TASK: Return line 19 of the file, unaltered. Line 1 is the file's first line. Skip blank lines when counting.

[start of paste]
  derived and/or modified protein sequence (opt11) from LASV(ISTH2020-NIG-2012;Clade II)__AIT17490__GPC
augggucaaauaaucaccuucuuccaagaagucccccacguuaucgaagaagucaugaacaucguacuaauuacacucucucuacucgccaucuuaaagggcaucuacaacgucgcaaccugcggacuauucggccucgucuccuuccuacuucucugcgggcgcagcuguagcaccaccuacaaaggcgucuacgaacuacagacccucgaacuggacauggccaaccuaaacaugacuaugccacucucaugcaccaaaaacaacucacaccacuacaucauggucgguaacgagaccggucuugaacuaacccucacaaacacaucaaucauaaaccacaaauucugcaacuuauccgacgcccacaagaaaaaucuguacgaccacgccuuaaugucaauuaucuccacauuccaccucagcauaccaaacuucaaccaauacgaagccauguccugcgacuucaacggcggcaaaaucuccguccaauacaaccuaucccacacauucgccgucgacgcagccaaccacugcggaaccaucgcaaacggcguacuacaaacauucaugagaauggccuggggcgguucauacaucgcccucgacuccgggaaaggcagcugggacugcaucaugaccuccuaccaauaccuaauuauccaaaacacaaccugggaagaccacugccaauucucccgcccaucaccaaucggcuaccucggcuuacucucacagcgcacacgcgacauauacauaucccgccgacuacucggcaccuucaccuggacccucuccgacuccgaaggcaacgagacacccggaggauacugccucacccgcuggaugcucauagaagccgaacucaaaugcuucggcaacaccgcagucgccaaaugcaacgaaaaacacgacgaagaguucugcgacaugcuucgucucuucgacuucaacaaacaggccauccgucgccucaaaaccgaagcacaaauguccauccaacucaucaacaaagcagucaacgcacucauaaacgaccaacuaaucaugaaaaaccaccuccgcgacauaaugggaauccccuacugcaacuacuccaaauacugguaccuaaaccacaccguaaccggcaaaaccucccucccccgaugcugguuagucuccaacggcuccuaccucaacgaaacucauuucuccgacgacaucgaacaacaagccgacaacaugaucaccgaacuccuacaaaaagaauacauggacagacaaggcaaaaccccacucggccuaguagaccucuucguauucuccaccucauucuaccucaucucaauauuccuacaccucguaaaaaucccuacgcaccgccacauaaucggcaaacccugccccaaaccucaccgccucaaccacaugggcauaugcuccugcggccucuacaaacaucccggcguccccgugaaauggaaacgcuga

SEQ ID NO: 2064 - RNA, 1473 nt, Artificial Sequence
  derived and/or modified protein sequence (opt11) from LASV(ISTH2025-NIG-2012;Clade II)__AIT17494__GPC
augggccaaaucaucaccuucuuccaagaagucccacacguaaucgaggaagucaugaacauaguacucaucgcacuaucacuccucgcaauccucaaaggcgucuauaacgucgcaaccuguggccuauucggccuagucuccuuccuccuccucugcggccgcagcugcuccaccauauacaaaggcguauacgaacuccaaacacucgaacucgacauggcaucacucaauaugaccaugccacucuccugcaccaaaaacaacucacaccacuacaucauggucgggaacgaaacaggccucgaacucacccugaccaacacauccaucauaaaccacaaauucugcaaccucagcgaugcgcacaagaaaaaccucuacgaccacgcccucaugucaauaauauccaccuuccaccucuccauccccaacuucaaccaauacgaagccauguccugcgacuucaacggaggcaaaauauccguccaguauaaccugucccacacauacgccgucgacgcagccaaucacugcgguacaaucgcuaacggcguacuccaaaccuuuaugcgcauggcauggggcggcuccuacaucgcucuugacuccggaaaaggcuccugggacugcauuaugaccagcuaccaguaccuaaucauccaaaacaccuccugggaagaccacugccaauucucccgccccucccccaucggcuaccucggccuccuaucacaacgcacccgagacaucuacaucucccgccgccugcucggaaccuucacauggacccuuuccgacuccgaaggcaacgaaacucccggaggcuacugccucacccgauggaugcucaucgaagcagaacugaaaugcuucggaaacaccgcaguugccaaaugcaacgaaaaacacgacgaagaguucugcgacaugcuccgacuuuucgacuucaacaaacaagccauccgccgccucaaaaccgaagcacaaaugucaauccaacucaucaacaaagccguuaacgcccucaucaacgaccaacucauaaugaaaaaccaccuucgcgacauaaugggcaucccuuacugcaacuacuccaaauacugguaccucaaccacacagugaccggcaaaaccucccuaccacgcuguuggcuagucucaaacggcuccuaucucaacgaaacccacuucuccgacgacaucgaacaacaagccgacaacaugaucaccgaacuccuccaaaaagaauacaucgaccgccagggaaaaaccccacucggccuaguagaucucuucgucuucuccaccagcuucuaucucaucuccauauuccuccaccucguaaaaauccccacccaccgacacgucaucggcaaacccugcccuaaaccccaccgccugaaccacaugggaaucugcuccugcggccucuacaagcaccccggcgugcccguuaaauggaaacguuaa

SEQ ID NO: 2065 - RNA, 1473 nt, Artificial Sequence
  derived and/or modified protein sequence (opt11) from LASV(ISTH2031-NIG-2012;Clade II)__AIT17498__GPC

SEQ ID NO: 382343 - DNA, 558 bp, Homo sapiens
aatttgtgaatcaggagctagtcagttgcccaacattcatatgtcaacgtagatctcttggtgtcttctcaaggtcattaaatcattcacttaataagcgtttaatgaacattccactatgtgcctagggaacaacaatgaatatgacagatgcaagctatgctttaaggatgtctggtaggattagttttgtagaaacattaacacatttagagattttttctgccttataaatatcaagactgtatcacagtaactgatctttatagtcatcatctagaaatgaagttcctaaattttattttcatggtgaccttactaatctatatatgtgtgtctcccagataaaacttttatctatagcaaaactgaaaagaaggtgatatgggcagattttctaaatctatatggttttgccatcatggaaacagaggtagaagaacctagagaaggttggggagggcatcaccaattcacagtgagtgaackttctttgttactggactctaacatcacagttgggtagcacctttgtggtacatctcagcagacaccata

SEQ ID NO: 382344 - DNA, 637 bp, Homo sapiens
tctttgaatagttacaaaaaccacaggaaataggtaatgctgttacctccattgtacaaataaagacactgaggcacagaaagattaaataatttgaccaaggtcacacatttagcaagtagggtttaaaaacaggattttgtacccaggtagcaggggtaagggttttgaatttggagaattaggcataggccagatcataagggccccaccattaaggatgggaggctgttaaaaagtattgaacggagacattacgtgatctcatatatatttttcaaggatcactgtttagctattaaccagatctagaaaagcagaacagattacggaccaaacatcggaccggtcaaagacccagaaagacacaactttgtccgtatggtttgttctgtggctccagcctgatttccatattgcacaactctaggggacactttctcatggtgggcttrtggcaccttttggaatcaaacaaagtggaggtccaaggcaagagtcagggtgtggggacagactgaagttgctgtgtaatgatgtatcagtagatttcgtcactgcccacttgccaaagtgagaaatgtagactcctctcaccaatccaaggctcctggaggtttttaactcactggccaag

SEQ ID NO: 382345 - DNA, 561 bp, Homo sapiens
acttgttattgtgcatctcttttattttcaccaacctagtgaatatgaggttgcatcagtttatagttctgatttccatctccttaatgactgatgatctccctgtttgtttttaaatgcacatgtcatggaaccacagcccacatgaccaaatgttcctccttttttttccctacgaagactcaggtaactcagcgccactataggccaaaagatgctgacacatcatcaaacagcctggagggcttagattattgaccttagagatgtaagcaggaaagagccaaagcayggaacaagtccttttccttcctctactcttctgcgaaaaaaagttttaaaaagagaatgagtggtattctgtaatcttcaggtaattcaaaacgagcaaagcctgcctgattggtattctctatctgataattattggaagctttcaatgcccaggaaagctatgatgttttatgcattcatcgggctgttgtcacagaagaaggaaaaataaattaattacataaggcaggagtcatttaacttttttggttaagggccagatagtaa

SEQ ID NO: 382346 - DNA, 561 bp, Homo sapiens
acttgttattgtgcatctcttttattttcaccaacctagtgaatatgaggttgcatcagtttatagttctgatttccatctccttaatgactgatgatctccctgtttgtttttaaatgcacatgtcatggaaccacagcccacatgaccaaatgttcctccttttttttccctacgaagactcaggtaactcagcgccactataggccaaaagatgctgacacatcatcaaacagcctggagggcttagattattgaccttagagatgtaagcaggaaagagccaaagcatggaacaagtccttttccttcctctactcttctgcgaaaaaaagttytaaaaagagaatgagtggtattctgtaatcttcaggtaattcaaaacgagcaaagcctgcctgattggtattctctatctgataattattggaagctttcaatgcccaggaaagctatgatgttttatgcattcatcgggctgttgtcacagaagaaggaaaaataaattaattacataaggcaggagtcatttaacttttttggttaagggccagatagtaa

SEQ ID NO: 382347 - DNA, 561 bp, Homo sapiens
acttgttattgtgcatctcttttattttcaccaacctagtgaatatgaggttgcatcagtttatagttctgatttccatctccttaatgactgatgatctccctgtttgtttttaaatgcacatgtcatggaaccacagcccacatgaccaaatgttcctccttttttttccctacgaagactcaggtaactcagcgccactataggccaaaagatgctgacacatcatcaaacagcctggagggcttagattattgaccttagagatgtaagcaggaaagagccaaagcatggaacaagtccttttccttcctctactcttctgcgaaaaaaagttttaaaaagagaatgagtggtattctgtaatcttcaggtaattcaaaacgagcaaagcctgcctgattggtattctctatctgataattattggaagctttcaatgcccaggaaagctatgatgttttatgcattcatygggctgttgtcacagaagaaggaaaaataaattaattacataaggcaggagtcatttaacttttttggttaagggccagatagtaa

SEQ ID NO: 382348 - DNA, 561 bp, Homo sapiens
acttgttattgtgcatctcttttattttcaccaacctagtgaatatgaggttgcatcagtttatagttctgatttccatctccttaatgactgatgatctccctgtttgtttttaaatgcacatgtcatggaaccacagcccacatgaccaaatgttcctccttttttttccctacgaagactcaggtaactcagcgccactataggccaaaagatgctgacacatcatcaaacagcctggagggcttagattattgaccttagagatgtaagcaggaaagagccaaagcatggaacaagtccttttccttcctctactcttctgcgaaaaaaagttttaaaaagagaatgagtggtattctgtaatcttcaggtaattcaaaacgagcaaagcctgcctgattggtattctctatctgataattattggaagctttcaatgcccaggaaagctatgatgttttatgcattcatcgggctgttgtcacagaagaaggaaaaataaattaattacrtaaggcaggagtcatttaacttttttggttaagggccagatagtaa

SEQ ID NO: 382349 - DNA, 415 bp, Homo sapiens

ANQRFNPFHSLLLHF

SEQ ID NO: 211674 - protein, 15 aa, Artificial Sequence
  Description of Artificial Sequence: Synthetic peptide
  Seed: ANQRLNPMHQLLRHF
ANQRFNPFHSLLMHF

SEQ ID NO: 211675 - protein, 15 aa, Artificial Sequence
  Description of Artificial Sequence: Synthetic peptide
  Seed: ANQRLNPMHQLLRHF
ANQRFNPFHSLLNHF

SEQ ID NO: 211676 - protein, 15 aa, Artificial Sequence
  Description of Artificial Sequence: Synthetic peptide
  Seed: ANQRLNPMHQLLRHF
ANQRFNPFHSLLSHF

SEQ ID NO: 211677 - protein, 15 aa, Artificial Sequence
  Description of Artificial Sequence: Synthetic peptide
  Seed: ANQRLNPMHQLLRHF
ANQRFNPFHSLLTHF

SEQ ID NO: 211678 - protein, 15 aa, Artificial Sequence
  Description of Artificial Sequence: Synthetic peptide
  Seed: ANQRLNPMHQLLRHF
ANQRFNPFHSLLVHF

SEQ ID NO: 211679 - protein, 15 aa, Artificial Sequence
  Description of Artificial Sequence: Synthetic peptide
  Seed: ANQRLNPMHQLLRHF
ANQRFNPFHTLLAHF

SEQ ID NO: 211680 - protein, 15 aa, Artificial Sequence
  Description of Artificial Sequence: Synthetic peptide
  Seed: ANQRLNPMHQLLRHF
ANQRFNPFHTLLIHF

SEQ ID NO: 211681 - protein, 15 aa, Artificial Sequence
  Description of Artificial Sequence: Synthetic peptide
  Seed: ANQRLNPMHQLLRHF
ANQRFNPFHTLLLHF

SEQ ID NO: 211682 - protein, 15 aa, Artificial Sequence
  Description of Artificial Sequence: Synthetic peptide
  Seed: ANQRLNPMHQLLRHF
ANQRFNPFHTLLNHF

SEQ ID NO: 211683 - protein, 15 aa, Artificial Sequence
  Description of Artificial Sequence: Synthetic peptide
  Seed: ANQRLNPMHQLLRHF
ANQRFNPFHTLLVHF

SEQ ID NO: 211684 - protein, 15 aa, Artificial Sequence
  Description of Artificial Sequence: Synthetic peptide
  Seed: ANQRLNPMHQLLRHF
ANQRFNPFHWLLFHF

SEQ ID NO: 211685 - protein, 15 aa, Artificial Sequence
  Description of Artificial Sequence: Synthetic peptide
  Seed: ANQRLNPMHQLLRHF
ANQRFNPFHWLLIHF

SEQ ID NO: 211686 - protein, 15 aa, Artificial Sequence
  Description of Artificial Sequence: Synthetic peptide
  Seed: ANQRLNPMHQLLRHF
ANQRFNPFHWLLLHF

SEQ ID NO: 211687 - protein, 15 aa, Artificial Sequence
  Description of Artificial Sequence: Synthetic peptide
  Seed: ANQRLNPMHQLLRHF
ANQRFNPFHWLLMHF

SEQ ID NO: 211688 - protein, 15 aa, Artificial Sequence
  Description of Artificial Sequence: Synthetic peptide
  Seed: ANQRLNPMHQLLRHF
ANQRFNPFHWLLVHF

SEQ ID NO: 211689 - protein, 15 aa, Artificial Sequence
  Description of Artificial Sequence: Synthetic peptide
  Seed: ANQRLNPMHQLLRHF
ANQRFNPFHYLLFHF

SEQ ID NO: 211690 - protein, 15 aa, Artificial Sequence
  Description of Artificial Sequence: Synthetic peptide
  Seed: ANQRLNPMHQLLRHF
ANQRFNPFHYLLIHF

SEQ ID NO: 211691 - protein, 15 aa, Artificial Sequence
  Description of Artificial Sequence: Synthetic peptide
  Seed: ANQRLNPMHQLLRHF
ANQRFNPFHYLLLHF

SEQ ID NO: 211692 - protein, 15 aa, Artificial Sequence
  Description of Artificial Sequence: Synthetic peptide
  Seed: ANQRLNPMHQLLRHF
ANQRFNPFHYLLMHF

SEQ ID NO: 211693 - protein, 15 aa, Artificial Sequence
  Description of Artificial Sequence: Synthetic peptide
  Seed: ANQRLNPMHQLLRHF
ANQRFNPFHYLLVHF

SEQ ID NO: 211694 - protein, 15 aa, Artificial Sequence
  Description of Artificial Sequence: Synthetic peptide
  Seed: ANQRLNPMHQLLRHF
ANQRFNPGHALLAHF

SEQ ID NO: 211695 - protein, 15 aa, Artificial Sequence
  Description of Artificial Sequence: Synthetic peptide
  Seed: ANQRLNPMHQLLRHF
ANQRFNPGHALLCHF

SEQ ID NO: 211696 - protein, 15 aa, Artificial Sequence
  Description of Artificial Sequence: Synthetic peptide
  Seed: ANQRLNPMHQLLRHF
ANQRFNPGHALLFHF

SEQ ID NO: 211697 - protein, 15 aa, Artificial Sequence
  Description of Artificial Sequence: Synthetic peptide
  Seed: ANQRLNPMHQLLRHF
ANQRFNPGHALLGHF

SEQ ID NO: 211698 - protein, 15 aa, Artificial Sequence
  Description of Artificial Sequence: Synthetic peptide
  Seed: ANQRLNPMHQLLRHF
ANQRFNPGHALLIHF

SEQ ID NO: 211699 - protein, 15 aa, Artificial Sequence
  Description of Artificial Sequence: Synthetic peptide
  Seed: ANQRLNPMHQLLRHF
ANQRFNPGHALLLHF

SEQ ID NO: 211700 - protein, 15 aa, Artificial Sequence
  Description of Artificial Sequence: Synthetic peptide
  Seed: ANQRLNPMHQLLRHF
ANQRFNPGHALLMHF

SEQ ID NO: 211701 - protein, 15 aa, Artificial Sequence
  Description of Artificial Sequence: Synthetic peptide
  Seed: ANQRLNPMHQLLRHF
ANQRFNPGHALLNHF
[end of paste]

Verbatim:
acttgttattgtgcatctcttttattttcaccaacctagtgaatatgaggttgcatcagtttatagttctgatttccatctccttaatgactgatgatctccctgtttgtttttaaatgcacatgtcatggaaccacagcccacatgaccaaatgttcctccttttttttccctacgaagactcaggtaactcagcgccactataggccaaaagatgctgacacatcatcaaacagcctggagggcttagattattgaccttagagatgtaagcaggaaagagccaaagcatggaacaagtccttttccttcctctactcttctgcgaaaaaaagttttaaaaagagaatgagtggtattctgtaatcttcaggtaattcaaaacgagcaaagcctgcctgattggtattctctatctgataattattggaagctttcaatgcccaggaaagctatgatgttttatgcattcatcgggctgttgtcacagaagaaggaaaaataaattaattacrtaaggcaggagtcatttaacttttttggttaagggccagatagtaa